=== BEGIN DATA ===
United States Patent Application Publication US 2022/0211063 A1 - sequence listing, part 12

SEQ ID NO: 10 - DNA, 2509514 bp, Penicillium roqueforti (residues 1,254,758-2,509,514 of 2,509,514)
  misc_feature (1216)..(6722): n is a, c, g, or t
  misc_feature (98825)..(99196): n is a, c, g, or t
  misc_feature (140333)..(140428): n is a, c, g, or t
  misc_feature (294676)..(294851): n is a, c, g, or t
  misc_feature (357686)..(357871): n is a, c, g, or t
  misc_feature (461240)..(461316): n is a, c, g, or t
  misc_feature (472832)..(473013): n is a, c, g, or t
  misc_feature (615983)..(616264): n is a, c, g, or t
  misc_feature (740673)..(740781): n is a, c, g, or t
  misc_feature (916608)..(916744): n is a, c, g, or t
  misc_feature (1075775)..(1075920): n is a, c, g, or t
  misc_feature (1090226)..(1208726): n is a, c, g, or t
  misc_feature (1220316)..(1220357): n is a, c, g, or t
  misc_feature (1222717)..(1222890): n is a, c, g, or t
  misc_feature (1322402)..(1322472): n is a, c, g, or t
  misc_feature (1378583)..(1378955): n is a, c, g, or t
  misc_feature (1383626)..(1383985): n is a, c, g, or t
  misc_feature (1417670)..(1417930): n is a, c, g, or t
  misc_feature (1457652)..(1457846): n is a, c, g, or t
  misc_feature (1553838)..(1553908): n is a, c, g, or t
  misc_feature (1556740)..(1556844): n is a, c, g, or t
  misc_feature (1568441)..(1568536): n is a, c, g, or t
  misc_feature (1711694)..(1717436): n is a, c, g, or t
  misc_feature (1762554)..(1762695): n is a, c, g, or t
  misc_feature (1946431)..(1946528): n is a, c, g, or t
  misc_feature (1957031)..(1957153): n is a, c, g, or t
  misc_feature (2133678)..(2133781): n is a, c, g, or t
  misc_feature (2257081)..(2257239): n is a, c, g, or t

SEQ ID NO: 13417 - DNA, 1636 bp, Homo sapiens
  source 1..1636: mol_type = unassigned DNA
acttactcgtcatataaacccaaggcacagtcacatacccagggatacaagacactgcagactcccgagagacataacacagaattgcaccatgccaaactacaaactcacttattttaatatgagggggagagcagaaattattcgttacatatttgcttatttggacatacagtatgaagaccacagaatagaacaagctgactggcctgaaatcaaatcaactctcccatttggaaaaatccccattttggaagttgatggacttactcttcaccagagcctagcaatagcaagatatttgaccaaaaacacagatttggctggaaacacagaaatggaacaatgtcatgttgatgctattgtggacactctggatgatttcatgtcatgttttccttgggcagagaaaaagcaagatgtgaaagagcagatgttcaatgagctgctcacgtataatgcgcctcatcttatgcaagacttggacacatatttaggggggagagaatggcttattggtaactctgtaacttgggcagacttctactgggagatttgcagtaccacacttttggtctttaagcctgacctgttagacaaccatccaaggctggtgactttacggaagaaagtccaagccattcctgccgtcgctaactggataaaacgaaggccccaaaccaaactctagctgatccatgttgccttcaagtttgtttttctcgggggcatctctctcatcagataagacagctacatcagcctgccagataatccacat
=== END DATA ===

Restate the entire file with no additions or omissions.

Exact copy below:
United States Patent Application Publication US 2022/0211063 A1 - sequence listing, part 12

SEQ ID NO: 10 - DNA, 2509514 bp, Penicillium roqueforti (residues 1,254,758-2,509,514 of 2,509,514)
  misc_feature (1216)..(6722): n is a, c, g, or t
  misc_feature (98825)..(99196): n is a, c, g, or t
  misc_feature (140333)..(140428): n is a, c, g, or t
  misc_feature (294676)..(294851): n is a, c, g, or t
  misc_feature (357686)..(357871): n is a, c, g, or t
  misc_feature (461240)..(461316): n is a, c, g, or t
  misc_feature (472832)..(473013): n is a, c, g, or t
  misc_feature (615983)..(616264): n is a, c, g, or t
  misc_feature (740673)..(740781): n is a, c, g, or t
  misc_feature (916608)..(916744): n is a, c, g, or t
  misc_feature (1075775)..(1075920): n is a, c, g, or t
  misc_feature (1090226)..(1208726): n is a, c, g, or t
  misc_feature (1220316)..(1220357): n is a, c, g, or t
  misc_feature (1222717)..(1222890): n is a, c, g, or t
  misc_feature (1322402)..(1322472): n is a, c, g, or t
  misc_feature (1378583)..(1378955): n is a, c, g, or t
  misc_feature (1383626)..(1383985): n is a, c, g, or t
  misc_feature (1417670)..(1417930): n is a, c, g, or t
  misc_feature (1457652)..(1457846): n is a, c, g, or t
  misc_feature (1553838)..(1553908): n is a, c, g, or t
  misc_feature (1556740)..(1556844): n is a, c, g, or t
  misc_feature (1568441)..(1568536): n is a, c, g, or t
  misc_feature (1711694)..(1717436): n is a, c, g, or t
  misc_feature (1762554)..(1762695): n is a, c, g, or t
  misc_feature (1946431)..(1946528): n is a, c, g, or t
  misc_feature (1957031)..(1957153): n is a, c, g, or t
  misc_feature (2133678)..(2133781): n is a, c, g, or t
  misc_feature (2257081)..(2257239): n is a, c, g, or t

SEQ ID NO: 13417 - DNA, 1636 bp, Homo sapiens
  source 1..1636: mol_type = unassigned DNA
acttactcgtcatataaacccaaggcacagtcacatacccagggatacaagacactgcagactcccgagagacataacacagaattgcaccatgccaaactacaaactcacttattttaatatgagggggagagcagaaattattcgttacatatttgcttatttggacatacagtatgaagaccacagaatagaacaagctgactggcctgaaatcaaatcaactctcccatttggaaaaatccccattttggaagttgatggacttactcttcaccagagcctagcaatagcaagatatttgaccaaaaacacagatttggctggaaacacagaaatggaacaatgtcatgttgatgctattgtggacactctggatgatttcatgtcatgttttccttgggcagagaaaaagcaagatgtgaaagagcagatgttcaatgagctgctcacgtataatgcgcctcatcttatgcaagacttggacacatatttaggggggagagaatggcttattggtaactctgtaacttgggcagacttctactgggagatttgcagtaccacacttttggtctttaagcctgacctgttagacaaccatccaaggctggtgactttacggaagaaagtccaagccattcctgccgtcgctaactggataaaacgaaggccccaaaccaaactctagctgatccatgttgccttcaagtttgtttttctcgggggcatctctctcatcagataagacagctacatcagcctgccagataatccacat